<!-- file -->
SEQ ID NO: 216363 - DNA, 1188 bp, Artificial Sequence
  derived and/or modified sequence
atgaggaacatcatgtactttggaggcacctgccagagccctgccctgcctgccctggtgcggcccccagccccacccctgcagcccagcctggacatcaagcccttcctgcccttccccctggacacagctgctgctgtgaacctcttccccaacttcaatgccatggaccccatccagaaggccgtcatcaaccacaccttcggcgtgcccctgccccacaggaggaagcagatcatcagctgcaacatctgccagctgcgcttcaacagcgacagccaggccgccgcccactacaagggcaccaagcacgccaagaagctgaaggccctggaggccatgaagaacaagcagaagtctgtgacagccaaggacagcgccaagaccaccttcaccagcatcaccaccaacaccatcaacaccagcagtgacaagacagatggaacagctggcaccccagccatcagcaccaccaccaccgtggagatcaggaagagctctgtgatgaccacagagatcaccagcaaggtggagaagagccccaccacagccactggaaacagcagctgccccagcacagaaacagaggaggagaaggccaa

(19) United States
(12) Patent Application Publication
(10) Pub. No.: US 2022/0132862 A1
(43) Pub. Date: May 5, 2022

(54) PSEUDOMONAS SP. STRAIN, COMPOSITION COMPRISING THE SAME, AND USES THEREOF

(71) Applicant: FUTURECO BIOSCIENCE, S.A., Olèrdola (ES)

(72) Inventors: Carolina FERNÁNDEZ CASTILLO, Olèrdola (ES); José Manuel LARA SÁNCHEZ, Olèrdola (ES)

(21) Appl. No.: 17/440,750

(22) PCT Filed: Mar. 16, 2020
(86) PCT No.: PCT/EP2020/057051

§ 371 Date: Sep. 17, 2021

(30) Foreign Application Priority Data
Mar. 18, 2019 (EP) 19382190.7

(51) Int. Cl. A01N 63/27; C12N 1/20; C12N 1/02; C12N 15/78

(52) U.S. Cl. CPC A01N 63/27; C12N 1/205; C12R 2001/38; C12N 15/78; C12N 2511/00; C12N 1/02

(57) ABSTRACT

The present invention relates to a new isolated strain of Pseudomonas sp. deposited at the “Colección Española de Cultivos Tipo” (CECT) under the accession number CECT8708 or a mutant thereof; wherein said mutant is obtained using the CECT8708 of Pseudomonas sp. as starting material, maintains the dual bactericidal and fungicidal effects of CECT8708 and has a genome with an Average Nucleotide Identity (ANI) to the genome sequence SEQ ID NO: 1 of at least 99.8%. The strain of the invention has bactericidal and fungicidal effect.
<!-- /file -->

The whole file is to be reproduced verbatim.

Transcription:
SEQ ID NO: 216363 - DNA, 1188 bp, Artificial Sequence
  derived and/or modified sequence
atgaggaacatcatgtactttggaggcacctgccagagccctgccctgcctgccctggtgcggcccccagccccacccctgcagcccagcctggacatcaagcccttcctgcccttccccctggacacagctgctgctgtgaacctcttccccaacttcaatgccatggaccccatccagaaggccgtcatcaaccacaccttcggcgtgcccctgccccacaggaggaagcagatcatcagctgcaacatctgccagctgcgcttcaacagcgacagccaggccgccgcccactacaagggcaccaagcacgccaagaagctgaaggccctggaggccatgaagaacaagcagaagtctgtgacagccaaggacagcgccaagaccaccttcaccagcatcaccaccaacaccatcaacaccagcagtgacaagacagatggaacagctggcaccccagccatcagcaccaccaccaccgtggagatcaggaagagctctgtgatgaccacagagatcaccagcaaggtggagaagagccccaccacagccactggaaacagcagctgccccagcacagaaacagaggaggagaaggccaa

(19) United States
(12) Patent Application Publication
(10) Pub. No.: US 2022/0132862 A1
(43) Pub. Date: May 5, 2022

(54) PSEUDOMONAS SP. STRAIN, COMPOSITION COMPRISING THE SAME, AND USES THEREOF

(71) Applicant: FUTURECO BIOSCIENCE, S.A., Olèrdola (ES)

(72) Inventors: Carolina FERNÁNDEZ CASTILLO, Olèrdola (ES); José Manuel LARA SÁNCHEZ, Olèrdola (ES)

(21) Appl. No.: 17/440,750

(22) PCT Filed: Mar. 16, 2020
(86) PCT No.: PCT/EP2020/057051

§ 371 Date: Sep. 17, 2021

(30) Foreign Application Priority Data
Mar. 18, 2019 (EP) 19382190.7

(51) Int. Cl. A01N 63/27; C12N 1/20; C12N 1/02; C12N 15/78

(52) U.S. Cl. CPC A01N 63/27; C12N 1/205; C12R 2001/38; C12N 15/78; C12N 2511/00; C12N 1/02

(57) ABSTRACT

The present invention relates to a new isolated strain of Pseudomonas sp. deposited at the “Colección Española de Cultivos Tipo” (CECT) under the accession number CECT8708 or a mutant thereof; wherein said mutant is obtained using the CECT8708 of Pseudomonas sp. as starting material, maintains the dual bactericidal and fungicidal effects of CECT8708 and has a genome with an Average Nucleotide Identity (ANI) to the genome sequence SEQ ID NO: 1 of at least 99.8%. The strain of the invention has bactericidal and fungicidal effect.